VA Chief Information Security Officer Resigns
Pedro Cadenas Jr., the U.S. Department of Veterans Affairs’ (VA) chief information security officer, has resigned effective July 13.
By Dave Gradijan
June 30, 2006
Pedro Cadenas Jr., the U.S. Department of Veterans Affairs’ (VA) chief information security officer, has resigned effective July 13, GCN.com reports.
Since 2004, Cadenas was the VA’s associate deputy assistant secretary for cyber and information security. According to GCN.com, he did not resign because of department changes in the wake of the theft of the laptop that contained personal data on 26.5 million veterans.
However, several high-level, disciplinary personnel changes did happen because of the theft. The article states the VA fired the data analyst who took home sensitive data. Michael McLendon, deputy assistant secretary for policy, resigned, and Dennis Duffy, acting assistant secretary for policy and longtime career official, is on administrative leave.
Interestingly, before the theft of the laptop, then-CIO Robert McFarland resigned in the wake of what he called "a contentious atmosphere at the executive level" over pressure to centralize the VA IT organization, GCN.com reports.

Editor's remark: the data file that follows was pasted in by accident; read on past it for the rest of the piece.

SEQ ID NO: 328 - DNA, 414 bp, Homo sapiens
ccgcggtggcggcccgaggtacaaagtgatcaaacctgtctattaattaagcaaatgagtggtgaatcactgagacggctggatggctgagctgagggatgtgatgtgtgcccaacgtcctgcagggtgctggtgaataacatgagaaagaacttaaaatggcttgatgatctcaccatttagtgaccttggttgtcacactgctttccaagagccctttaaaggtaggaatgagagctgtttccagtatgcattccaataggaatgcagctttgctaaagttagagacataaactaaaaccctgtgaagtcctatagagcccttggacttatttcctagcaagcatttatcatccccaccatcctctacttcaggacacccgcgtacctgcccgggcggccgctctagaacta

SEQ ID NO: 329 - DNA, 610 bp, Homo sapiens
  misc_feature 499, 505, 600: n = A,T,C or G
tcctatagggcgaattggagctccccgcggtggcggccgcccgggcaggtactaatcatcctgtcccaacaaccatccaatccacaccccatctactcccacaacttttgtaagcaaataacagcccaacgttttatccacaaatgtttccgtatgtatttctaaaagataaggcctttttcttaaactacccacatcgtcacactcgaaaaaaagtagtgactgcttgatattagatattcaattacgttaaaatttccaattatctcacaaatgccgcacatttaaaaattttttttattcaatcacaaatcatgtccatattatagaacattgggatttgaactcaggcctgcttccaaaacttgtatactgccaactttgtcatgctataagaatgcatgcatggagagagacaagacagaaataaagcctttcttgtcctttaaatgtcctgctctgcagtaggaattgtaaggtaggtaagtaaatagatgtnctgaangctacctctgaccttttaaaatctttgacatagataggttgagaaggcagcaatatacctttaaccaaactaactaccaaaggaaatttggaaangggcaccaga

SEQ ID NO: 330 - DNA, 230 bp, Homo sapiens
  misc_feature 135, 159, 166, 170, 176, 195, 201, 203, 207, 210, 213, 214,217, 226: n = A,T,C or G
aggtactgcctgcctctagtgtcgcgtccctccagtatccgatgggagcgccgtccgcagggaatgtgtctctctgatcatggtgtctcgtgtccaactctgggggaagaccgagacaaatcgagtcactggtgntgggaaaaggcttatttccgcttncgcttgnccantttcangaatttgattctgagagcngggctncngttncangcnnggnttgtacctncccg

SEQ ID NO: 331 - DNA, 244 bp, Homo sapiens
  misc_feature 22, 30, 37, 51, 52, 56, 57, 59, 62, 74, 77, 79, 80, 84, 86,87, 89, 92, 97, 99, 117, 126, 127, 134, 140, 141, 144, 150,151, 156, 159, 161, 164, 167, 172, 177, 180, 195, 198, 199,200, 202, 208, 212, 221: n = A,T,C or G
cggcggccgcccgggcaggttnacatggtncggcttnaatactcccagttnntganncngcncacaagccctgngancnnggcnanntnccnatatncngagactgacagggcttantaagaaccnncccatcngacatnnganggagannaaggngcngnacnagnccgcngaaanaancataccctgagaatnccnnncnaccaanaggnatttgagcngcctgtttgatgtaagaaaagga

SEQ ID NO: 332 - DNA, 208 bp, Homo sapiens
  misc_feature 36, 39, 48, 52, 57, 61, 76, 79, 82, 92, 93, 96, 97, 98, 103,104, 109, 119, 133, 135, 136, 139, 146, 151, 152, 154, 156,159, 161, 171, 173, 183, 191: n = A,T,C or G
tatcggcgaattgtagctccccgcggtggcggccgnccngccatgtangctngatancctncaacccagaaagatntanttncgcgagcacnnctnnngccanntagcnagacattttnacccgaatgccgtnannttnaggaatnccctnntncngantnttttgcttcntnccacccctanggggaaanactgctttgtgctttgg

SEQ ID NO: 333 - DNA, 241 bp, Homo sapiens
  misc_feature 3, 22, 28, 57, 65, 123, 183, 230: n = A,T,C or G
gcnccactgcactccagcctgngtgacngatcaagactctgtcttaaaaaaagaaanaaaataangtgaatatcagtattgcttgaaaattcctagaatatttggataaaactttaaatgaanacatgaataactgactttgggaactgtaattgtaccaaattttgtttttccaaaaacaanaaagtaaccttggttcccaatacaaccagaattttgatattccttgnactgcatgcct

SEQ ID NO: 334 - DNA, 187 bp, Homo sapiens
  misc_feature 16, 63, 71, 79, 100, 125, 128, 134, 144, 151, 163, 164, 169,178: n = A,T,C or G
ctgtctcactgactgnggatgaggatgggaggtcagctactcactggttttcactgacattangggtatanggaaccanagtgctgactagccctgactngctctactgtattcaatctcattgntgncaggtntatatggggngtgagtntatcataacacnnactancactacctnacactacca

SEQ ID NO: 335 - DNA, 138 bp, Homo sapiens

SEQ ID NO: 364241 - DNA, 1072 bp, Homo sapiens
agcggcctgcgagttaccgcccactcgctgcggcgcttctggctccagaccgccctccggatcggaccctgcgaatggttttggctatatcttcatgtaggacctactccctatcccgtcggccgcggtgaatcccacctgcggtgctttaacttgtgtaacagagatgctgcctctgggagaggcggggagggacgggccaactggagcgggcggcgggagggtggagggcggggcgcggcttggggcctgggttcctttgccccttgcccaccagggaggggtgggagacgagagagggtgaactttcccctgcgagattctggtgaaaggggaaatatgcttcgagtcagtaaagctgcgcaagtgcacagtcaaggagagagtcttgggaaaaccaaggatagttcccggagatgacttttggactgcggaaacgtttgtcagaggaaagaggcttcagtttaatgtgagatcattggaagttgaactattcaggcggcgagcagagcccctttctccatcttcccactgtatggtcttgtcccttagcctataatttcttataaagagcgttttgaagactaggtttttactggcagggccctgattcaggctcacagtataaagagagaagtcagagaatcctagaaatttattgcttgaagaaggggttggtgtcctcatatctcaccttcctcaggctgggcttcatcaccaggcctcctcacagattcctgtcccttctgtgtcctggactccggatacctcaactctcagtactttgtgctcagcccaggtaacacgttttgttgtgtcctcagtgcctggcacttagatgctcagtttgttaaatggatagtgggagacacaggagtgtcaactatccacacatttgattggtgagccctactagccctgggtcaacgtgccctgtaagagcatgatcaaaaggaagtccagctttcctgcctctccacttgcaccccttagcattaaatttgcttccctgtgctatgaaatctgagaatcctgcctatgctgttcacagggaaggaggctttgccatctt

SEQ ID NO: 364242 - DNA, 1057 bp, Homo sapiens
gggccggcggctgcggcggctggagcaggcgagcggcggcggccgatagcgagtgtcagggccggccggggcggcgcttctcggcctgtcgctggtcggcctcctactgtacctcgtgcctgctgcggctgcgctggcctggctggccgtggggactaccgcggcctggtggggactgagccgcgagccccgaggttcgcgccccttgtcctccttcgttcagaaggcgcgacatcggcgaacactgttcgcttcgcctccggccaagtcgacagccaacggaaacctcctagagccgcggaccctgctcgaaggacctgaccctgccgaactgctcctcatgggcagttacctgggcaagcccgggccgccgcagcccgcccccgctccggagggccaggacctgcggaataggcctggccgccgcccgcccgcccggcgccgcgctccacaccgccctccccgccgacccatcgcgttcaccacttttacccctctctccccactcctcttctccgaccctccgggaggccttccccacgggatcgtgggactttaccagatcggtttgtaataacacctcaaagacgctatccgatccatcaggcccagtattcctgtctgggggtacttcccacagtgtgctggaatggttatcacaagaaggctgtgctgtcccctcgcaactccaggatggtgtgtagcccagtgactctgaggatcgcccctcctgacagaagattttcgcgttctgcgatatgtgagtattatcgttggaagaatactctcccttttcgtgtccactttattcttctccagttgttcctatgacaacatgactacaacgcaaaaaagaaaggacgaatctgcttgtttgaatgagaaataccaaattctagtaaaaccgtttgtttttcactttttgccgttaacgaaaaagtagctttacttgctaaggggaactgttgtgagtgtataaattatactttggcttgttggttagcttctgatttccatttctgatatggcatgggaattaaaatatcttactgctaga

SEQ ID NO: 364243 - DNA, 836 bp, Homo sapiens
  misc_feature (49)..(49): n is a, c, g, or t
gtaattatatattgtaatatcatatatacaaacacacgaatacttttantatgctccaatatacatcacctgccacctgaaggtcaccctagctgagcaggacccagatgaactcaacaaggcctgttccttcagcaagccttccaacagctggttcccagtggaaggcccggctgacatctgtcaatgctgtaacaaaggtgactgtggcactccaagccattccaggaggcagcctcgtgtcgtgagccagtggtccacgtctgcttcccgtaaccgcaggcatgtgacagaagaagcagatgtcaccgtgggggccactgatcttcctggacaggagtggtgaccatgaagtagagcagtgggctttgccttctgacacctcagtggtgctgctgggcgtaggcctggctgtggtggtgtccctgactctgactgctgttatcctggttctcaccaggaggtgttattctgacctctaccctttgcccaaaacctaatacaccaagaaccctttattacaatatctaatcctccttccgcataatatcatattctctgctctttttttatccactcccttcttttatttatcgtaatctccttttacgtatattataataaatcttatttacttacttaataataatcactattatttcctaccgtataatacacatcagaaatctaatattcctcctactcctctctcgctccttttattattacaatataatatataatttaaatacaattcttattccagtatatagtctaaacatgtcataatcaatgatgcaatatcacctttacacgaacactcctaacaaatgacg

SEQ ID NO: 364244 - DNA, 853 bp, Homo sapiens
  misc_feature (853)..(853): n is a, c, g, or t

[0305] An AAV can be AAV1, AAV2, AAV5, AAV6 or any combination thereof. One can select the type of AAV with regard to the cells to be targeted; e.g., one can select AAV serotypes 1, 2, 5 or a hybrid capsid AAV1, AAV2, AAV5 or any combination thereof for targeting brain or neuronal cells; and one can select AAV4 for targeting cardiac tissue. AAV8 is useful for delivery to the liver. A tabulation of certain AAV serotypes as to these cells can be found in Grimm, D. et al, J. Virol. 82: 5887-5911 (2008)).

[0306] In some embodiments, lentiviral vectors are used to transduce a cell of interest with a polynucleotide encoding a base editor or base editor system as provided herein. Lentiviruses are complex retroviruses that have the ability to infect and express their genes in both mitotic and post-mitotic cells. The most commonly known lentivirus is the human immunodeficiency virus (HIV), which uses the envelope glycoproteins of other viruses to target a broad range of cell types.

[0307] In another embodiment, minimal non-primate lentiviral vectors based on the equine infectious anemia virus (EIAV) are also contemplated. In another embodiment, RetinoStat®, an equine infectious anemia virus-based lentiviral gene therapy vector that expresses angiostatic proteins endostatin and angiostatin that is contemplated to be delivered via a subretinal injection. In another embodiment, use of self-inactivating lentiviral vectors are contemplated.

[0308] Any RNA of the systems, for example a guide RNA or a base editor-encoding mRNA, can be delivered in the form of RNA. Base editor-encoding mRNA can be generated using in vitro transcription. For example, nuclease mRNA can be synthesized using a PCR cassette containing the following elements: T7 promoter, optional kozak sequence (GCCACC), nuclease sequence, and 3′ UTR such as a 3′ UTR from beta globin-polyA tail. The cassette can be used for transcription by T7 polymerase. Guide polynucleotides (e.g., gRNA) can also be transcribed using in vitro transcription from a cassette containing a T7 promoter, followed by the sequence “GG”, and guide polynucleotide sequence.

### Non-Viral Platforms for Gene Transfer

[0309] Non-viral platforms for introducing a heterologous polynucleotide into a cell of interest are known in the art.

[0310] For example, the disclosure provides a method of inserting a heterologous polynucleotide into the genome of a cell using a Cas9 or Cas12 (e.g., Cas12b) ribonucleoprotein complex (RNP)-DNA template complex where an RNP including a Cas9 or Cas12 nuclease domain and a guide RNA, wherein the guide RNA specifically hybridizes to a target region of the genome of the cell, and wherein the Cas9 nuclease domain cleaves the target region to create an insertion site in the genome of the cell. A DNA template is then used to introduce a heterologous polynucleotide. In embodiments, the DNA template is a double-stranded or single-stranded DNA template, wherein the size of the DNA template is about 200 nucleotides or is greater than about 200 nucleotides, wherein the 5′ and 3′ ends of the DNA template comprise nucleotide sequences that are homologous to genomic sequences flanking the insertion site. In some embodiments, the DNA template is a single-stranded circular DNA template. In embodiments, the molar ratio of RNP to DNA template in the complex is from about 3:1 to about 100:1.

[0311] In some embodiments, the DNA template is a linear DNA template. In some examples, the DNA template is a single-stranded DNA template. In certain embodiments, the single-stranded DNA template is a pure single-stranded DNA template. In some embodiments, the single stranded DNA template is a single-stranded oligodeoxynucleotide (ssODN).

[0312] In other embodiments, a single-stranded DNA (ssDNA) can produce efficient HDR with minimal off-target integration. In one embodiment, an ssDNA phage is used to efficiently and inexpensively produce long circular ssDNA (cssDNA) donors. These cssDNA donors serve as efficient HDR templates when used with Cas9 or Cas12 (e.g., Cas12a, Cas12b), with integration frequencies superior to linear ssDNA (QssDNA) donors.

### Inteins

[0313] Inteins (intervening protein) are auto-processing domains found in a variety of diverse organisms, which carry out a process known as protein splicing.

The article reports that Cadenas became VA’s acting deputy CIO and acting deputy assistant secretary for the Office of Information Technology after McFarland’s departure. Cadenas became CISO when Bruce Brody resigned.
Cadenas came to VA in 2002 to become director of the agency’s critical infrastructure protection program. Prior to that, he held professional positions in information security in the private sector.
Compiled by Paul Kerstein
For more information, read An Expert’s Perspective on the VA Data Theft: An Interview with Bruce Brody.
For ongoing coverage, read Data Theft at the VA.
Keep checking in at our Security Feed for updated news coverage.
Or subscribe via RSS.
Read more about data protection in CSOonline's Data Protection section.